Giasira (Terre Siciliane Rosato IGT) Brut Rosato, Metodo Classico "Sic!" ($20):  It seems the four corners of the earth are rising to the sparkling wine demand of late, some more successfully than others.  This is a delightful, pale salmon colored Rosato, presenting an elegant fine mousse that carries strawberry and citrus flavors with a dash of herbal character that adds depth.  I'm intrigued of late with sparklers that go beyond the box of Chardonnay and Pinot Noir, and "Sic!" certainly delivers pleasure.  91

Our second visit found us at Massimo Padova’s Riofavara estate, a meticulously kept set of vineyards just southeast of Noto and close to the town of Avola.  A walk through one of the vineyards presented a spring like atmosphere, with a fresh green cover crop with tiny wildflowers that was teeming with insect life.  He presented 4 different expressions of Nero D’Avola, each offering a different profile, yet clearly showing a common thread:

Riofavara (Terre Siciliane IGP) Rosé of Nero D’Avola 2020:  Nero D’Avola is very difficult when it comes to Rosé due to its black skin and red pulp, but a fairly early harvest helps mitigate color issues, and selecting fruit from parcels with different exposures gives a palette to work with.  This vintage shows tart cherry, lemon and bay leaf aromas and flavors, zesty acidity and a touch of grip extends the mouth-watering finish.  Unique!  91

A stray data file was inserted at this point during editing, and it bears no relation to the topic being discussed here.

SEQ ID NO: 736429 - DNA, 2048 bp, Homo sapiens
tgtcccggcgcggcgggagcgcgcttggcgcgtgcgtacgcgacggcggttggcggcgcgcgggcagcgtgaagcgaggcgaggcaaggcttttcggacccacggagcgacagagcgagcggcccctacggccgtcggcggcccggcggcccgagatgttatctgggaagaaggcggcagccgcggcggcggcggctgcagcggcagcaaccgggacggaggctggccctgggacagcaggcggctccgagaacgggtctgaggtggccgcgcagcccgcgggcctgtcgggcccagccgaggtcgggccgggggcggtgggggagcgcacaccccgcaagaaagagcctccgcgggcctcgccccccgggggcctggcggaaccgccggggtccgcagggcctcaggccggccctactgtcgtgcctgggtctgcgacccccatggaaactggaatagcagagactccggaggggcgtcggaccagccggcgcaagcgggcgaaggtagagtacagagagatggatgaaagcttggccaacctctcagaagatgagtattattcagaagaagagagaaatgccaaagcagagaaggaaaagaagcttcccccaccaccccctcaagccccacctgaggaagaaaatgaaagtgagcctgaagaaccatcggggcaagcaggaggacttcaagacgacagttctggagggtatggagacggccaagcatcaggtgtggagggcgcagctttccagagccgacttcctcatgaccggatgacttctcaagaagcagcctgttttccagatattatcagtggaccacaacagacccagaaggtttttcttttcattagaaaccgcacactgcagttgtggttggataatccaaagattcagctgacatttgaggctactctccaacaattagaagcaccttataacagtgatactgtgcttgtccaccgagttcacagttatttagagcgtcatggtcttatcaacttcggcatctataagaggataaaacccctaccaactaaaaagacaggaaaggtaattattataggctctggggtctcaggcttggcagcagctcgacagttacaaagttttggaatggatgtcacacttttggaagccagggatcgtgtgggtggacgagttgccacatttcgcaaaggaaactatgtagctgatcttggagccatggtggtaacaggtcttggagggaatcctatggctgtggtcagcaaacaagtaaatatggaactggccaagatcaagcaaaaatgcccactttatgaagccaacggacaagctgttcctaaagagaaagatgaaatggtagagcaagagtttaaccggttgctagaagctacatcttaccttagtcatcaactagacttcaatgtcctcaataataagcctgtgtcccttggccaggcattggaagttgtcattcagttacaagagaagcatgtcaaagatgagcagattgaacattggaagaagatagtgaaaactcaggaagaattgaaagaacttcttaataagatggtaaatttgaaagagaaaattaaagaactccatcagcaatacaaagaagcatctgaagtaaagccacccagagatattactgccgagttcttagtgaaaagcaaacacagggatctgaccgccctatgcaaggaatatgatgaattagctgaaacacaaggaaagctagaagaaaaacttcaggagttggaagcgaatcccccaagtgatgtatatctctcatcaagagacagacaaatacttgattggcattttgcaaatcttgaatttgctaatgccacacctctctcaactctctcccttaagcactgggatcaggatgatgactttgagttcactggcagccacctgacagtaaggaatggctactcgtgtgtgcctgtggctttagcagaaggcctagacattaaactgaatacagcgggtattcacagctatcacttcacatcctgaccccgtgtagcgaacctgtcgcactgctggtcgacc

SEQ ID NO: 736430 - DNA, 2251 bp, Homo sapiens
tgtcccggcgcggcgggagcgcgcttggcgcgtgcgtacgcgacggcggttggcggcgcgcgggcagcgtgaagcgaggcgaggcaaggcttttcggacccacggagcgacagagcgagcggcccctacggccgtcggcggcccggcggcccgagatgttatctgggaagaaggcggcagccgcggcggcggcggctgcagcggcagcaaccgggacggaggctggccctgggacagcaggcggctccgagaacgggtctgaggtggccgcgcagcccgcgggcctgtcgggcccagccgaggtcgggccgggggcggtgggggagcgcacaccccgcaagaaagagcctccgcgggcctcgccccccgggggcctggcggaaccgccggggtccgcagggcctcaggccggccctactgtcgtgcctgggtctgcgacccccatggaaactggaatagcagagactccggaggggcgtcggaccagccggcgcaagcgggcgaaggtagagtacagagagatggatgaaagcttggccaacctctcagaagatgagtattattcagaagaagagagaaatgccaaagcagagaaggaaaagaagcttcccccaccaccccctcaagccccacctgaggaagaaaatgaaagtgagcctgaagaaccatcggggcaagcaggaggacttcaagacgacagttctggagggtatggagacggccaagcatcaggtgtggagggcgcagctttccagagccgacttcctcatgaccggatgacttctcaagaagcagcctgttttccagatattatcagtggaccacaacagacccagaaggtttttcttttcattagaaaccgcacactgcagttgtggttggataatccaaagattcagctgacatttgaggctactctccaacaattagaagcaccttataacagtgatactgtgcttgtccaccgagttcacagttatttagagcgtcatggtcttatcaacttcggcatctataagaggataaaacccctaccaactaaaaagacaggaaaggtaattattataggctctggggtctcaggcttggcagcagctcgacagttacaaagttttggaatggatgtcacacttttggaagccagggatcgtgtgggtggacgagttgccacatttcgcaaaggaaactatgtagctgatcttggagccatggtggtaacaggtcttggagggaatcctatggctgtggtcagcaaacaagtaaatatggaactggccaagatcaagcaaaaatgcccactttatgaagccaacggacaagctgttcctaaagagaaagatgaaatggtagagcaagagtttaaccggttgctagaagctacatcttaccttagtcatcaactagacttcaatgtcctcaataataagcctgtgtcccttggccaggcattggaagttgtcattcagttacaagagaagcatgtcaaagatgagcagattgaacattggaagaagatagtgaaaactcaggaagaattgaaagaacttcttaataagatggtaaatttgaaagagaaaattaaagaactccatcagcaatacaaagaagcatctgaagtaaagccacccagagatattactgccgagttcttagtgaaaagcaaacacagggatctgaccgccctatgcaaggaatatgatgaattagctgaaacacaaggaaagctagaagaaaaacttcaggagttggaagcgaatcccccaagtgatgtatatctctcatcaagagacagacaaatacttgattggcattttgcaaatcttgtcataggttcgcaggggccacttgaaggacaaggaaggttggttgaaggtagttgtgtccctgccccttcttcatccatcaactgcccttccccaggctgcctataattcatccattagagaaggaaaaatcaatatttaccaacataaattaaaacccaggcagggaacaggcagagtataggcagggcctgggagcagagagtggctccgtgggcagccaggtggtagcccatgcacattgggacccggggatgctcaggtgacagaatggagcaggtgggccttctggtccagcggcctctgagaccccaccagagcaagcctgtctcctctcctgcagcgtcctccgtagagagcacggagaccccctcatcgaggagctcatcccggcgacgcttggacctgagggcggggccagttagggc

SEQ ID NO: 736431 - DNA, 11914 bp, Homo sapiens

Riofavara (Sicilia DOC) “San Basilio” Nero D’Avola 2019:  This bottling is all about varietal character and regionality, with 100% stainless steel fermentation and aging.  It’s very expressive, showing bright mixed berry fruit, violets, tar and pepper, with moderate tannins and full integration of flavors.  Even though there’s no oak here, I get an oak like structure thanks to the thick skins and minimal handling.  92

Riofavara (Eloro DOC Sicilia) “Spaccaforno” Nero D’Avola 2019:  This wine spent two years in second-use large format oak, which imparts a dash of vanilla, a soft toasty note and midpalate texture to the mix of berries and gentle pepper.  This was just released at tasting, and showed a reductive note that will easily fold in with a little bottle aging.  91

Riofavara (Eloro DOC Sicilia) “Sciave” Nero D’Avola 2017:  Bottled in 2021, this 100% Nero D’Avola spent 18 months in 500 liter tonneau for rounding of the edges rather than imparting over character.  The resulting wine shows up to the edge ripeness with notes of blueberry pie and meat.  These are not words that usually accompany numbers like TA 7.8 g/l, pH 3.38 and ABV 13.5%.  The discussion at the table led us to calling this a wine with an American nose and a Sicilian soul.  It’ll age beautifully.  96